Insights From The Blog
The Evolution of Gaming – What Has Changed?
Way back in 1943, Tom Watson the then head of IBM, said “I think there is a world market for maybe five computers” and has been derided for it ever since. In fairness, looking back, he was taken a bit out of context; computers of the time were the size of a medium-build Californian Condo, and lacked any kind of cohesive operating system. They were simply number generators that needed an army of technicians to interpret the results. They wouldn’t even play Pong, let alone PacMan!
Gaming has been one of the major driving forces behind computer development, and the need for more power and better graphics (and sound too) has pushed chip and system manufacturers to new limits. Twenty years ago, we were hunched over our 1 GHz AMD Athlon powered PC, with 256MB of 100 MHz SDRAM, a 40 to 80 GB hard drive, a GeForce 2, and a generic sound blaster compatible sound card, playing The Sims (original version), Tony Hawk’s Pro Skater 2 and Escape from Monkey Island (which sounds idyllic – not sure why you would want to escape from it). Today, we have much better tech.
Step forward to 2020, and we have games like, um, Doom, The Sims, Call of Duty: Warzone, and Resident Evil 3. Okay, so they might sound like old games – and they are based on the originals from a couple of decades ago – but the systems that they are played on, and the playing experience are beyond the dreams of gamers from twenty years ago.
Call of Duty is now a fast-paced lifelike event, Doom is an exhausting offensive against droves of Hell’s Legions, and Resident Evil is just plain terrifying, especially when played as a VR experience…! But is it better?
Back in the days of the Commodore C64 computer, gaming was pretty much platform-game based. Flat, 2D characters negotiated a range of obstacles to get to some treasured item, or princess, if you were Super Mario. Indeed, Shigeru Miyamoto’s famous Italian plumber remains just as relevant today as he did twenty-thirty years ago and character or series popularity is a major driver in game development. So far, Mario has been in a bewildering number of titles and his popularity shows no sign of abating as he appears on the next generation of consoles. Following along in the footsteps of Mario, the Prince of Persia franchise keeps rolling along, adding credence to the notion that once a character or title earns the endearment of the gaming public, developers can just keep churning them out and still get a payday.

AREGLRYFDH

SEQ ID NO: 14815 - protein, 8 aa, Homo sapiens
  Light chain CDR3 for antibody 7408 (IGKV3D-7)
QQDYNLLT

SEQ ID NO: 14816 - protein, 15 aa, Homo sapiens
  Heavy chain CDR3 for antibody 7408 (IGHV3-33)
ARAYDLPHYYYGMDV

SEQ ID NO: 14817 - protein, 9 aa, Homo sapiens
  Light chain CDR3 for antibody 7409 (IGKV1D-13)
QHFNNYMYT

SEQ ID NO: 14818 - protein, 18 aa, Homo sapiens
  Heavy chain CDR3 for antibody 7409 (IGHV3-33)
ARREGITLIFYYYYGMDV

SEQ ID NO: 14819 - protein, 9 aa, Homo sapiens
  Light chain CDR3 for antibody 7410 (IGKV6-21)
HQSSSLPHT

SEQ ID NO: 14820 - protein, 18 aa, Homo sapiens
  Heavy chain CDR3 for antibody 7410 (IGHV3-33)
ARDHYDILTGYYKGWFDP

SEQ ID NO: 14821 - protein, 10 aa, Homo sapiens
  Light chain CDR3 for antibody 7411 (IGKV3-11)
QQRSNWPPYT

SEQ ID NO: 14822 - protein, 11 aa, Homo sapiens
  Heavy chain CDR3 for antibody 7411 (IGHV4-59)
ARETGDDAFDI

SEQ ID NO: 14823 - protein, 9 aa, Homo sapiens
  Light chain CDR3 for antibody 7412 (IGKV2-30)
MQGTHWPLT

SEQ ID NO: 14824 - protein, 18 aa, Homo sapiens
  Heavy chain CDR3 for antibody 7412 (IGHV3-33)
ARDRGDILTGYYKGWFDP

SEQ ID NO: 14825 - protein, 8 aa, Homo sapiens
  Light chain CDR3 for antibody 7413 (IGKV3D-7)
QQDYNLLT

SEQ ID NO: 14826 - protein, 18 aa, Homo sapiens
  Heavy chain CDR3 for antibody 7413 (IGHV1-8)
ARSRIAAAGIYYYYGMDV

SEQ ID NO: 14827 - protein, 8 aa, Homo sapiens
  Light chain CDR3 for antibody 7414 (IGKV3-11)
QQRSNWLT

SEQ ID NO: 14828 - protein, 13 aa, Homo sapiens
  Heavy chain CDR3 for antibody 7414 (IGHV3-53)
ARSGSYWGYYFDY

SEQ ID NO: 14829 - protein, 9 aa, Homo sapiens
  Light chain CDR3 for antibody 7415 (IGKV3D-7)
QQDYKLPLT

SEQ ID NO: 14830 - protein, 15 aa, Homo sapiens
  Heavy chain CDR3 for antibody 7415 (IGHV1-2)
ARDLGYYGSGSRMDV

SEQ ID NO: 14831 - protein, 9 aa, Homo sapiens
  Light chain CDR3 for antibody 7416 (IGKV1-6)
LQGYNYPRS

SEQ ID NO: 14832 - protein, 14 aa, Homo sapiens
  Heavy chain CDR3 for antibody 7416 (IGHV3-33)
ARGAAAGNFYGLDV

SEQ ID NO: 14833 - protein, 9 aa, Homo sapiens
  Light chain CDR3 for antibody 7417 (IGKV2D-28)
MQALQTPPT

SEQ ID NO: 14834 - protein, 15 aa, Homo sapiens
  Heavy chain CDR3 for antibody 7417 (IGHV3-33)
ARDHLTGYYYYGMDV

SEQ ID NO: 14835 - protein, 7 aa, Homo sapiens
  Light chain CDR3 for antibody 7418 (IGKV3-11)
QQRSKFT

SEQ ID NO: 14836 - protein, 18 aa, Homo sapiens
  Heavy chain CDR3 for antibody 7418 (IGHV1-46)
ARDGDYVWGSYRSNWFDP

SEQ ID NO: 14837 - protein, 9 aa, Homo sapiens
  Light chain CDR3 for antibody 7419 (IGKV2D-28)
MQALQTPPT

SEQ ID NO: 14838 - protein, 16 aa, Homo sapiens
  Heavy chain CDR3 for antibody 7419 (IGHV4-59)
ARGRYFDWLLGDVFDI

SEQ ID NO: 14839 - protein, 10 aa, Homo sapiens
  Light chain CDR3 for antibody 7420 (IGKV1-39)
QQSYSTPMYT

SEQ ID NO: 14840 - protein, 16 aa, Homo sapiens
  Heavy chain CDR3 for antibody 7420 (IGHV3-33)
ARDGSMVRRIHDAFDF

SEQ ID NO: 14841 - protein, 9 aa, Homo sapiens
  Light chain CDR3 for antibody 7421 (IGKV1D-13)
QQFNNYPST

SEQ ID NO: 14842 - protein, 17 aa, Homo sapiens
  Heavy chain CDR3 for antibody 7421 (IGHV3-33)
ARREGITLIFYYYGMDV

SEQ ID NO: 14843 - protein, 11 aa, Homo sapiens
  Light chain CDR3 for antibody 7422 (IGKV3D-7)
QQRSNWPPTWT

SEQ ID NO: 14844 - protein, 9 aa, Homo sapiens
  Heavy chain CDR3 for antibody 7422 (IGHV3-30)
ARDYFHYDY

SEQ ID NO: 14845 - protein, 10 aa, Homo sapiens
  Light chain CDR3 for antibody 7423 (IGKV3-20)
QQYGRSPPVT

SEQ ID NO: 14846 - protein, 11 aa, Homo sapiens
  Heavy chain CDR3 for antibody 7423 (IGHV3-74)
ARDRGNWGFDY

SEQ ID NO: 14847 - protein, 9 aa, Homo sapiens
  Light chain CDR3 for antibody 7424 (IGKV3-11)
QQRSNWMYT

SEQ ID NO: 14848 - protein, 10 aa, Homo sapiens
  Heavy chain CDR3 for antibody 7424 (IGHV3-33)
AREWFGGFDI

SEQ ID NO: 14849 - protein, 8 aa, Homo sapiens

But this doesn’t necessarily mean that improved computing power and graphics really sells to the extend that we are led to believe. Mario and his friends, being cartoon, have never really sold on the basis of their increased lifelike appeal, and there is evidence that better graphics doesn’t actually make a better game. Take Doom, for instance. Back in 1995, as a first-person shooter (FPS) Doom reigned supreme. Sure, it was blocky, but it was fun! Move forward to today and Doom is a true horror game and while it has a huge scare element, it has lost a lot of its sheer playability and fun that goes with it. And the same could be said for many newer games; they look great, but they are missing a lot of the essence of older games.
So, do we really need all this extra computing power? Are the classics still the classics regardless of how well rendered the models are, and how lifelike their environments? Maybe it’s time to step back to the Commodore C64 – we’ve got one in the office if you want to come round and play it!